Opal distantly considered that opening the door probably hadn't been a good idea, but couldn't bring herself to feel actual dismay. She couldn't feel much of anything to be honest.

"Opal? Are you hurt? What happened? Where are your aunt and uncle?" Mr. Gargiullo gabbled, his normally deep voice unusually high. He grabbed her by the shoulders, peering up and down, as though trying to find the source of her bleeding.

Opal was surprised the neighbours hadn't woken yet and suddenly felt guilty. The Almasis had three-month old twins; the poor couple were in a constant state of near-exhaustion. She didn't want to deny them what little sleep they were able to get.

"Come inside, Mr. Gargiullo," she ushered him in, quickly pulling the door shut behind him. The poor man, bewildered and obviously still half in the sleep he'd been dragged from, followed her wordlessly.

"Opal. You are hurt. I must call an ambulance." Opal noted that his Italian accent became particularly strong when he was distressed. It was quite charming.

"Opal. Do you hear me? Where is your phone?"

He stepped around her, suddenly stopping, letting out a noise somewhere between a whine and bark as his eyes fell on the pale body of her uncle. He seemed to waver for a moment, almost as if he would fall over. Opal gently took his arm and guided him to Uncle Ron's arm chair. Mr. Gargiullo sank into it wordlessly.

"Opal?" He sounded like a different man. "Opal, was there a break-in? Where is your aunt? You're hurt. I must call an ambulance." He moved to get up, but stopped as his body convulsed, emptying last night's dinners onto his quilted slippers.

"There, there, Mr. Gargiullo," Opal comforted, patting him on the arm. "Get it all out." She tried not to be annoyed as the vomit was added to her cleaning list. Some people just had weak stomachs, she told herself.

"Would you like a glass of water Mr. Gargiullo?" She asked, trying to be helpful.

Her fingers ran absently over the soapstone statuette sat on the side table next to the armchair. Uncle Ron had bought it back from a trip to Canada years ago; it was a beautiful grey colour, carved into the shape of a magnificent, proud bear. Opal had always loved the smooth feel of it, sneaking touches whenever Aunt Sue wasn't home to slap her hands away.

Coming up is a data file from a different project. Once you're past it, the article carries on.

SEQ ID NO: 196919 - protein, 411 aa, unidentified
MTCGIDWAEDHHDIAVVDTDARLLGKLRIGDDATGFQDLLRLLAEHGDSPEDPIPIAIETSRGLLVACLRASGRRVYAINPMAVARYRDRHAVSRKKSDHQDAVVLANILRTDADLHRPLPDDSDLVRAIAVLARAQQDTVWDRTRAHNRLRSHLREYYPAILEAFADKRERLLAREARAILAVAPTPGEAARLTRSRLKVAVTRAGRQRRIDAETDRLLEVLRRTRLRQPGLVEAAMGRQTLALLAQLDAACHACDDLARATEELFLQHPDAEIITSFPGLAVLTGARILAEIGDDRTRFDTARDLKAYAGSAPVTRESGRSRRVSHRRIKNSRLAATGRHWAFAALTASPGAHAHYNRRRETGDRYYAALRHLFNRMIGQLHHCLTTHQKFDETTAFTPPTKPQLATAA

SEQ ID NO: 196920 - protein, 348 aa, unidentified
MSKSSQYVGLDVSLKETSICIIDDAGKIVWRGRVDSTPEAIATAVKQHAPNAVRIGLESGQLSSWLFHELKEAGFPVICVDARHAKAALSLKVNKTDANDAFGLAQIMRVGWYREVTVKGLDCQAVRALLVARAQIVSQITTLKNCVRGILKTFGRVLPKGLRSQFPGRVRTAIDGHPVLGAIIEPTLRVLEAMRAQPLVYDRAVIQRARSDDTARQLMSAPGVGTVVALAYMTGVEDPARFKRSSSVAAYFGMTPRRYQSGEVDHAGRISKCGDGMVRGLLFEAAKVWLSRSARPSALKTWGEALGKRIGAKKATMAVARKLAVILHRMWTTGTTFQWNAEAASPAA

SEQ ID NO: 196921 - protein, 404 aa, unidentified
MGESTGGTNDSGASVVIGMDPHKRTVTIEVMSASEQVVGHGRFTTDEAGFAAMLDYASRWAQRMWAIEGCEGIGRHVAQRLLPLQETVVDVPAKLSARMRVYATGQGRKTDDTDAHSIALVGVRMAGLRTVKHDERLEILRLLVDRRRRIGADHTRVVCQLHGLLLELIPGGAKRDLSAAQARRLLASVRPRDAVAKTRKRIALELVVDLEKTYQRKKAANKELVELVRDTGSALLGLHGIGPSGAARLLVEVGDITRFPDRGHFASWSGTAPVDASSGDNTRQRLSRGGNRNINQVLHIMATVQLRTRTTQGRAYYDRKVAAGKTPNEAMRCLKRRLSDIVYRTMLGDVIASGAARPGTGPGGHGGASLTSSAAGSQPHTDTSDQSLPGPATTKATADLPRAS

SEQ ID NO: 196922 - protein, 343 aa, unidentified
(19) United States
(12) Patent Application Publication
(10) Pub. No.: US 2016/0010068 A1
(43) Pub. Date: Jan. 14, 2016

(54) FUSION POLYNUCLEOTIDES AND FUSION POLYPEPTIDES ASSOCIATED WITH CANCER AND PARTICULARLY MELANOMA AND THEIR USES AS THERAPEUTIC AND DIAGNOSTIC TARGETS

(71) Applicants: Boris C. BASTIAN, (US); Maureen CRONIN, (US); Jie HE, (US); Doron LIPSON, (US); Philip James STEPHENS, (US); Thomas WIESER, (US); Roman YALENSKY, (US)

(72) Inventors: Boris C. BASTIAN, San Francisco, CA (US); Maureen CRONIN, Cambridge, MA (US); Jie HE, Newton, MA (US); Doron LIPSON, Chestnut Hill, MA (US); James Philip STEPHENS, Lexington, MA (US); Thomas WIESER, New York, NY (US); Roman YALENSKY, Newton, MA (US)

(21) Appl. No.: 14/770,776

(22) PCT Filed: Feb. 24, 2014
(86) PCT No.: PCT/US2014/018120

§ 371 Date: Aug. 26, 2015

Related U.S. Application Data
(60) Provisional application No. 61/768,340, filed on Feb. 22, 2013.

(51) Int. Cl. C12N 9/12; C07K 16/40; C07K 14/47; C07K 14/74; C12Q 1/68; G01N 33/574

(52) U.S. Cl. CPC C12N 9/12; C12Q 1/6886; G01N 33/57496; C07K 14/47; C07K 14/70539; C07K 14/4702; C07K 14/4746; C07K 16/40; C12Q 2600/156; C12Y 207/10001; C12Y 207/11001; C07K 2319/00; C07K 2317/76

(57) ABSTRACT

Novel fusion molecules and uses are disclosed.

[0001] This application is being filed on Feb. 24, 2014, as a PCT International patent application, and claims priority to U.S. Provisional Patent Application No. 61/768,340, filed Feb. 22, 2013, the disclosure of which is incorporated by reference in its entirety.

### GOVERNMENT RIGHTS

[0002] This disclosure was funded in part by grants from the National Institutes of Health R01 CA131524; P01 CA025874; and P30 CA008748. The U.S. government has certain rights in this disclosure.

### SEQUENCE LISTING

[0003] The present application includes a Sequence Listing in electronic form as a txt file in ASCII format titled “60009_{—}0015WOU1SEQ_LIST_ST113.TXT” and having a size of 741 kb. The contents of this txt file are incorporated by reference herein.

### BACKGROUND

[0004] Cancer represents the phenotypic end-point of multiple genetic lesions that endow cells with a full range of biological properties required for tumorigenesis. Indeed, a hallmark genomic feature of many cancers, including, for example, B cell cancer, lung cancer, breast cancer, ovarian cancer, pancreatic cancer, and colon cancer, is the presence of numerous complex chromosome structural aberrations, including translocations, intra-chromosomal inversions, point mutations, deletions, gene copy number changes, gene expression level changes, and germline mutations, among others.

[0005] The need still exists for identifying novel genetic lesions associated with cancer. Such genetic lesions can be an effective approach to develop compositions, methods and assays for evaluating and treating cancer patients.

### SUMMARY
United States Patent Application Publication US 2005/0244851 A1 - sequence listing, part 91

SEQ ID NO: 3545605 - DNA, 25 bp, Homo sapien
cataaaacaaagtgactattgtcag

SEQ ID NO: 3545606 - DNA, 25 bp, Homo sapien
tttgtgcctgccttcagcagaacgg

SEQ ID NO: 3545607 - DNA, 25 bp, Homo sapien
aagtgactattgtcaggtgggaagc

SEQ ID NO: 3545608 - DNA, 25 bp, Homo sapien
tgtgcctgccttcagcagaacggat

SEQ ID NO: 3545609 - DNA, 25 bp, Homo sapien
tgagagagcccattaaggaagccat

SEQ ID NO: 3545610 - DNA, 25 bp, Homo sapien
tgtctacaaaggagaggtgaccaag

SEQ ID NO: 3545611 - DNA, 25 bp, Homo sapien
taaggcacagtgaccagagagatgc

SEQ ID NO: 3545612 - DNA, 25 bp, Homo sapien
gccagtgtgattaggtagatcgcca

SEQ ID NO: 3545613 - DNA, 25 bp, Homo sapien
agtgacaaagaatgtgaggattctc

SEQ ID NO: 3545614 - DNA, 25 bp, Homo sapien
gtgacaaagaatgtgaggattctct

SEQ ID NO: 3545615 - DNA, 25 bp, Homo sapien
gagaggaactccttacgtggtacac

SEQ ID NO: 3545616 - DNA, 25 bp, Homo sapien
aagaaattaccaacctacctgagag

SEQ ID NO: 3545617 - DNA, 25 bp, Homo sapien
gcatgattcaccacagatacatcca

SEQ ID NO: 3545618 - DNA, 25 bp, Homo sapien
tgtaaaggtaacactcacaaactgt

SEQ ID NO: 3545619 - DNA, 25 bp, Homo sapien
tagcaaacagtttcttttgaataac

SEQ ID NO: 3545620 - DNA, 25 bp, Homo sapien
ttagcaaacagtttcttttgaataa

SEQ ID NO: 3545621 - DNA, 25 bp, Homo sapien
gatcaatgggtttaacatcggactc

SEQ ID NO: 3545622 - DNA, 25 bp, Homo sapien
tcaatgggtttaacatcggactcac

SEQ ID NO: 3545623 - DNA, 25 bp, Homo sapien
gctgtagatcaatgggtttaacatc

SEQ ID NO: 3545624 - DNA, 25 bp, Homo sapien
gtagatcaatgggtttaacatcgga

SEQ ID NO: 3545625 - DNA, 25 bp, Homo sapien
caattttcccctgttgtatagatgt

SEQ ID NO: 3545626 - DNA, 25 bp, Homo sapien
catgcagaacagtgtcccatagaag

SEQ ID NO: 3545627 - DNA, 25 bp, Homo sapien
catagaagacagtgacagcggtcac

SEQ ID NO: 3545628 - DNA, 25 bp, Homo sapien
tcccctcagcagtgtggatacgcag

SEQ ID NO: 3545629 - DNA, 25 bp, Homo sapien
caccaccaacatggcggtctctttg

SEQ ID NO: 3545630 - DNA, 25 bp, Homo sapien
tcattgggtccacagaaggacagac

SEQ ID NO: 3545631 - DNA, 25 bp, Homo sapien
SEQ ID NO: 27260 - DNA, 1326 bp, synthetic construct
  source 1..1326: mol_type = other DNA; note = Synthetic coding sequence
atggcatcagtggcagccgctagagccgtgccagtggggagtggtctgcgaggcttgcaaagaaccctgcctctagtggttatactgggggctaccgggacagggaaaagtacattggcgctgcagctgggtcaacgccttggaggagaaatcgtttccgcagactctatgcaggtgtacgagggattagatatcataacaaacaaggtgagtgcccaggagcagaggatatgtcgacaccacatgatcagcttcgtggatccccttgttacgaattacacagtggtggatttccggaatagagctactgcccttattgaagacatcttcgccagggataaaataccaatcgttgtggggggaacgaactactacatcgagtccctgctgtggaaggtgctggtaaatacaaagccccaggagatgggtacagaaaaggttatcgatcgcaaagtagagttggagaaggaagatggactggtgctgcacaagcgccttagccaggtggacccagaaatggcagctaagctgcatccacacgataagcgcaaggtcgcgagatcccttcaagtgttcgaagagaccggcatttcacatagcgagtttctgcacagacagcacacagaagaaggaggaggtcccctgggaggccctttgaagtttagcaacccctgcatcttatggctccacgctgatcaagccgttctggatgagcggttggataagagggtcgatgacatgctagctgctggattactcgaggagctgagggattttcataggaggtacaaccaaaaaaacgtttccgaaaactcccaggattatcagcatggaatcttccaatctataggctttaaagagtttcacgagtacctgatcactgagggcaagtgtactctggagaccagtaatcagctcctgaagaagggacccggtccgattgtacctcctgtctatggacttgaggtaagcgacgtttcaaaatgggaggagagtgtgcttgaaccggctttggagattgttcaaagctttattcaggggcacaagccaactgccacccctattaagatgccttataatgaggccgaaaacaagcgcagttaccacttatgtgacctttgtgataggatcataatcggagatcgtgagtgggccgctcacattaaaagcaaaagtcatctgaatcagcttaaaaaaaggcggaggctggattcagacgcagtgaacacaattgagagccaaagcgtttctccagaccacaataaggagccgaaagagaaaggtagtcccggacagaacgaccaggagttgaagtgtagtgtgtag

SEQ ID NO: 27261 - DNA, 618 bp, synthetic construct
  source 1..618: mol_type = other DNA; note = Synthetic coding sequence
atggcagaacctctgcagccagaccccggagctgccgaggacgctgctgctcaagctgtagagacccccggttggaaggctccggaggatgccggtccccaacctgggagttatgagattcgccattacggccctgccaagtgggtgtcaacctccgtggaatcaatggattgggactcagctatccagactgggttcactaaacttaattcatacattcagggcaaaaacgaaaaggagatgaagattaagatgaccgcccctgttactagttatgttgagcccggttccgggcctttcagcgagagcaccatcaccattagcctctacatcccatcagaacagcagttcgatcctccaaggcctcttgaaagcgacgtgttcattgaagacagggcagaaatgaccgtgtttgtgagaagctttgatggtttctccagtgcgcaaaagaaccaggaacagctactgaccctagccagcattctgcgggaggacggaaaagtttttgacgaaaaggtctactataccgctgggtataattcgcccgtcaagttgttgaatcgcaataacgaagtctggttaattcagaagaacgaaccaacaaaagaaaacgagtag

It was chipped now, half the head caved in and an entire leg missing; the grey had been stained a deep red.

"Opal…" Mr. Gargiullo looked up at her, his voice raw and scratchy. She stared into his eyes. They were a nice hazel, she mused.

"Opal, what have you done?"

Crazy. God. Why. Blood. Why?

He spoke without moving his mouth, as people sometimes did when they looked at Opal. The words rang in her head uncomfortably, like the vibrations of a bell.

Opal lifted the bear off the table, feeling the smooth weight in her hand. "Say hello to Mrs. Gargiullo for me, won't you?"

She smashed the bear into the back of his head, feeling more than hearing the brutal crack of his skull. She hit him a few times more for good measure, though it wasn't really necessary. She'd had always had a strong arm. All that scrubbing.

Mr. Gargiullo's lifeless body slumped in the arm chair, blood seeping into the upholstery, dying the yellow chintz a rather beautiful wine-red.

The smell in the apartment was almost overwhelming at this point and Opal's headache had returned at full-force, the rattling feeling in her brain setting her teeth on edge. A little fresh air would help, she decided, making sure to avoid the soaked rug as she stepped past her uncle to open the window.

She gulped in the fresh air, admiring the red-ish sunrise staining the sky. Such a pretty colour. It was poetic, really. The sun gave life to the earth, just as blood had given life to Mr. Gargiullo.

One day the sun would explode, swallowing the earth whole. The circle of life. Death. Something like that.

Opal wasn't sure how long she sat at the window before the banging on the door began again.

"GCPD. OPEN UP." The voice was clearly agitated, yelling quite loudly. Opal hoped the Almasis were already up; they really did need their sleep.

"GCPD. OPEN UP. We have reports of blood leaking into the apartment below. I need you to open up RIGHT NOW." The banging on the door kept getting louder. Opal wondered if the door might break. The construction standards in this building weren't particularly high.

Mr. Gargiullo must have the spare keys, she realized. They would have to break the door down to get in.

Opal slid down to sit on the floor beneath the window, stretching out her legs and running her feet over the sodden rug. Patches of blood had started to dry, rusty coloured and flaky, but other patches were still thoroughly soaked. Opal put her hands over her ears, humming loudly to drown out the banging.

The crash of the door breaking in was almost deafening. The doorframe splintering away from the wall, at the force of the metal garbage can they'd used as a battering ram. Four police officers stormed into the room, guns drawn.

Opal raised her head to look at them, slowly holding out her hands to show she wasn't armed.

The officers looked, alarmed, at the bodies. Two quickly moved towards the bedrooms, backs against the wall; another moved towards the kitchen.

"Is there anyone else here?" the remaining cop asked her brusquely, eyes roaming the room.

Opal shook her head. "No."

"Another body in here," one of the cops called out.

"Clear," one yelled.